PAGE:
The phone hasn’t stopped ringing since the night of June 12, 2017, for NL Beno Zephine. The 25-year-old from Chennai was informed by the external affairs ministry on Friday that she has been inducted into the Indian Foreign Service, the first 100 percent visually-challenged person to gain entry into the 69-year-old service. She secured 343rd rank in the 2013-14 Civil Service examination but had to wait for a year for her appointment, as the government worked out the rules to accommodate her. She is presently working as a probationary officer with State Bank of India and is also pursuing a Ph.D. degree.
Zephine credits her parents for what she has achieved, saying her father took her wherever she wanted to go in pursuit of her dreams and managing to buy every book for this purpose. Her mother would assist her in studying the books, sometimes reading them aloud. She used to listen to the 9 o’clock news on All India Radio as a child. She said it helped a lot in her success in the Civil Service Examination.
Her father, Luke Anthony Charles, a railways employee, and mother Mary Padmaja, a homemaker, have been huge sources of inspiration for Beno. Born with the disability, she was educated at the Little Flower Convent for the blind. She transcended the dependence on Braille books by switching to Job Access with Speech (JAWS), a software that allows visually challenged to read from a computer screen, to scan Tamil and English books. She had a normal, happy childhood. Her only brother, Bruno Xavier, works as an engineer in Canada. No one in her family made a big fuss about her disability.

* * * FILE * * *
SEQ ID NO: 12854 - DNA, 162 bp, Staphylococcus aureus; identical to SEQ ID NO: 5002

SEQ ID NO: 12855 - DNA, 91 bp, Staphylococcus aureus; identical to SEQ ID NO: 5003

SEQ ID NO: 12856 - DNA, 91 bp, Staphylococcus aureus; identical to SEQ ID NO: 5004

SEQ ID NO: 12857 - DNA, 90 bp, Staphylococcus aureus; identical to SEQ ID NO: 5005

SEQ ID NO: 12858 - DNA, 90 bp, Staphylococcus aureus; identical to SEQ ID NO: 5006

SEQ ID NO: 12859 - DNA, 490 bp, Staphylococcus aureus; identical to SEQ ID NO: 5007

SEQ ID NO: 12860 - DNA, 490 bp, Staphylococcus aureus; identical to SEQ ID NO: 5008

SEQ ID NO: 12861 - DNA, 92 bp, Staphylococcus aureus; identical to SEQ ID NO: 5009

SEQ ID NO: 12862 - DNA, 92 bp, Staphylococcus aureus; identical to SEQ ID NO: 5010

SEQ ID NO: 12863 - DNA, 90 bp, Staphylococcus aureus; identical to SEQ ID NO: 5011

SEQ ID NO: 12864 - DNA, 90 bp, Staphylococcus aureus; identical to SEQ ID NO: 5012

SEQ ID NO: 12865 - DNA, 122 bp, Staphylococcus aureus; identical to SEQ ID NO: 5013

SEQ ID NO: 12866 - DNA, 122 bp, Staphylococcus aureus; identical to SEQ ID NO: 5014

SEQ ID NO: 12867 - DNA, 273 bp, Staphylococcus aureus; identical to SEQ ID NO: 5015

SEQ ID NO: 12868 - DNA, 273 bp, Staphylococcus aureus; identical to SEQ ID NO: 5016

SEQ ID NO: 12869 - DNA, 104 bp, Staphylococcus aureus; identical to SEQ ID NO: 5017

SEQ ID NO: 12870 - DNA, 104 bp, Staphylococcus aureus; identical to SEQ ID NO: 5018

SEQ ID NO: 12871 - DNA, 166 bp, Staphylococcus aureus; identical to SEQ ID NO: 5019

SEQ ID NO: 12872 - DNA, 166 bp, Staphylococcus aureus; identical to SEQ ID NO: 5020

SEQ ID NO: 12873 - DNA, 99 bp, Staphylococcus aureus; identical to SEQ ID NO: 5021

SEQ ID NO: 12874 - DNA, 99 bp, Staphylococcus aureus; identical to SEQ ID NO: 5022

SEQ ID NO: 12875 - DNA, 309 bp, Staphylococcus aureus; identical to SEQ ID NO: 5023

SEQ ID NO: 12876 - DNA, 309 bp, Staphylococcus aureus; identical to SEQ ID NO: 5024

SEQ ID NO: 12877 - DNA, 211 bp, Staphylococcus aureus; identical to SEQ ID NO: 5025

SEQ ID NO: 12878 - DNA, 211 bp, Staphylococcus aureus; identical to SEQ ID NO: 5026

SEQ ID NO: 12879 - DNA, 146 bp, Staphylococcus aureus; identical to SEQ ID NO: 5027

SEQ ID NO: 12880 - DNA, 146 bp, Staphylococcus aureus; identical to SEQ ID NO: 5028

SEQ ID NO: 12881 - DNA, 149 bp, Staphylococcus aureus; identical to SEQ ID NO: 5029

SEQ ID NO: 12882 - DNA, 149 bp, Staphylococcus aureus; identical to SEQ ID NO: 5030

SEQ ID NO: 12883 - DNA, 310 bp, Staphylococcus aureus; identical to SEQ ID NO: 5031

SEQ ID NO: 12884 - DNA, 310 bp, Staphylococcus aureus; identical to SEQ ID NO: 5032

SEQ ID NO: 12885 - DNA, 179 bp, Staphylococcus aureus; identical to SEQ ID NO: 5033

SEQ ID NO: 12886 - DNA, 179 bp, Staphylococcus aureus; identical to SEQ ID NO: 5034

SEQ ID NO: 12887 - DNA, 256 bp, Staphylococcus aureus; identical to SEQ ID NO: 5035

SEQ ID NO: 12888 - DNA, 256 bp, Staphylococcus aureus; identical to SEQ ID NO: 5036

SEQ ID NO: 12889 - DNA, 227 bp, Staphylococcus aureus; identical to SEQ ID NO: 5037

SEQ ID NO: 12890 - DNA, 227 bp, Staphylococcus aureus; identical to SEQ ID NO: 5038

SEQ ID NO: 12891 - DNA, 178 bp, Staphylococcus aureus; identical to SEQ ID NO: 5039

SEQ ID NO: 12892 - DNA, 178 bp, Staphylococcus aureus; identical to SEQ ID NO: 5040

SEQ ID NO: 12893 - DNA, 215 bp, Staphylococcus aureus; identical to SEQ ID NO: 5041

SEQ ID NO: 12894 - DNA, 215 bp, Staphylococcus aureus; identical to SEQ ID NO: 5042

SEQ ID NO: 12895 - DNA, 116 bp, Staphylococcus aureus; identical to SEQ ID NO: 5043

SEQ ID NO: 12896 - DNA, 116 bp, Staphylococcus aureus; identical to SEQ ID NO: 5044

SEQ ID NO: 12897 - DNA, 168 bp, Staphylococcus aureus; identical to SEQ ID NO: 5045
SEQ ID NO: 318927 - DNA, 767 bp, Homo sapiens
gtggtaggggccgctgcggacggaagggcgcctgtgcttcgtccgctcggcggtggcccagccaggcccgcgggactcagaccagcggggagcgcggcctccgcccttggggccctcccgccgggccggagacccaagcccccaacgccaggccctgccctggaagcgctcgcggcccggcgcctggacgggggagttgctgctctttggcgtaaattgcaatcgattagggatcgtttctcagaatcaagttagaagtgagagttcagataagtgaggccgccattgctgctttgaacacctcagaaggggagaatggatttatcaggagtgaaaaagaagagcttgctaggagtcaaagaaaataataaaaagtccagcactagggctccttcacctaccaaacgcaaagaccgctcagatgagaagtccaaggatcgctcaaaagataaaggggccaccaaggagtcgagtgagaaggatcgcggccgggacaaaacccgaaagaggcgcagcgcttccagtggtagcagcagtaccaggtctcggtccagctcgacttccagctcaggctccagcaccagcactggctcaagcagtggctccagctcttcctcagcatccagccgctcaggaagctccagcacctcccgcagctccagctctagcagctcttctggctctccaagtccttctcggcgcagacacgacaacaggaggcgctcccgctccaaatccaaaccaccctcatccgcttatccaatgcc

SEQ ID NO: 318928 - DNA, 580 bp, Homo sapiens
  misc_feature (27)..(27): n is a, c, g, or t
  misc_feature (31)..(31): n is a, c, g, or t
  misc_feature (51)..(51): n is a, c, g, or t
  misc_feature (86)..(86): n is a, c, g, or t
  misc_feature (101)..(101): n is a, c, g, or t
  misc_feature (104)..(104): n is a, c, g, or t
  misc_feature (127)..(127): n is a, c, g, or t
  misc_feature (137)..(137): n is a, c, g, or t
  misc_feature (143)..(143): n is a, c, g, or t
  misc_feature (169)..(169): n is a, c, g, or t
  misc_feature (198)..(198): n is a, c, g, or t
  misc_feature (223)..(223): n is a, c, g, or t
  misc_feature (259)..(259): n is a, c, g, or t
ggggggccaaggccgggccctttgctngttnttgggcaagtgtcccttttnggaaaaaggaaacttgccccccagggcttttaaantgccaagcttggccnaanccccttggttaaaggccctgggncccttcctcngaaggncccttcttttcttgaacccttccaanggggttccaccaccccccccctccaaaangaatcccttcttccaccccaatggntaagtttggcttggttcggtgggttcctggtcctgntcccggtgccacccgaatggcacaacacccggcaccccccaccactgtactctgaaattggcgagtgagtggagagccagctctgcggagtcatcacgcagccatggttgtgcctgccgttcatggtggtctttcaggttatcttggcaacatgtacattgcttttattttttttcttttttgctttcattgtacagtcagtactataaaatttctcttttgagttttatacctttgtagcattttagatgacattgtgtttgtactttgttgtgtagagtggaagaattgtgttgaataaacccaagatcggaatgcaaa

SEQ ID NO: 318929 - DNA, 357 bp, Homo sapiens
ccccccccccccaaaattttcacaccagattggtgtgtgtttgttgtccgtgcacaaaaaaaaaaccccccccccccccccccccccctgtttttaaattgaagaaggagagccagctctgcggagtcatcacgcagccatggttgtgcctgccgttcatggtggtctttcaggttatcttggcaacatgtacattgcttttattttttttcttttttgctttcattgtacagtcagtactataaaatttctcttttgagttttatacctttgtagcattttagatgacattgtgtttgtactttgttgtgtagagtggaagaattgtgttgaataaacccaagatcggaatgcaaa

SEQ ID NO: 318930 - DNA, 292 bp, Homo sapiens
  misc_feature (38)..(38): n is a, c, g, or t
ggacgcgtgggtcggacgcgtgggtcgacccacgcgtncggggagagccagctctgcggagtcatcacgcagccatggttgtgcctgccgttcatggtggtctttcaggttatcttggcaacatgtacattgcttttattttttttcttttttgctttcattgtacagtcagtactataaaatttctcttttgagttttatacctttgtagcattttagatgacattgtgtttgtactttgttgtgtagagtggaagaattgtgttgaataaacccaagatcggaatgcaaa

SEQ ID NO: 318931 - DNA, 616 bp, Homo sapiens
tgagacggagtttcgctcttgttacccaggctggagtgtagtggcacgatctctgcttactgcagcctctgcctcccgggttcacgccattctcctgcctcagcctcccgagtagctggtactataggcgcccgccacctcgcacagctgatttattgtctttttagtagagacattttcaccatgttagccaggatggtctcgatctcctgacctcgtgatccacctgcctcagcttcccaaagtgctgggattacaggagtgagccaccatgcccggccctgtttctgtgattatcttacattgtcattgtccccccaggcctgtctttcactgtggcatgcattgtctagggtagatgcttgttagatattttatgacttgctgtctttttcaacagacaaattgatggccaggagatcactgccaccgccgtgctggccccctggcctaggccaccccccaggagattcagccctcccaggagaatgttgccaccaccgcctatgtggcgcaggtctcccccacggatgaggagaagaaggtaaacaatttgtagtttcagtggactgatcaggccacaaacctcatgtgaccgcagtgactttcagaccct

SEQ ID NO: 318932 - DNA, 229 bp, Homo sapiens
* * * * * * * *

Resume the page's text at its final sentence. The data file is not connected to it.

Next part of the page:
Talking about her love for talking she said,”I was a talkative girl then and I am a talkative woman now. I gave my first public speech when I was in upper KG; I spoke about Jawaharlal Nehru and won my first prize as a speaker – it was a steel plate. After that, there was no stopping me. Instead of wishing me good luck, my teachers used to tell me, ‘we know you are going to bring the cup to the school’. They were that confident about my oratorical skill and I thoroughly enjoyed speaking. The encouragement from my teachers and their confidence in me led to my success in public speaking. In college, I was often made Master of Ceremonies and I loved it.”
Till she was in the tenth standard, her ambition was to become a lawyer or a lecturer. In the eleventh standard, her dream was to be a civil servant, even though she didn’t know what it could offer her. It was just that she was interested in improving society. She didn’t like people wasting water – she used to make a big fuss when someone wasted water. People made fun of her, saying, ‘Here comes the collector.’ This triggered off a spark to prepare for the civil service.
When asked to give a message to youngsters, she said, “Challenges do come, but face them and devise your own strategies. Understand your strengths and weaknesses, “Beno draws her inspiration from American author Helen Adams Keller, who overcame the adversity of being blind and deaf to become one of the 20th century’s leading humanitarians.“I always like the words of Helen Keller where Madam had remarked, ‘I am only one, but I am still one. I cannot do everything, but still, I can do something. And because I cannot do everything I will not refuse to do the something that I can do’. These words really inspire me. Because I believed that I’d be able to clear civil services exam one day.”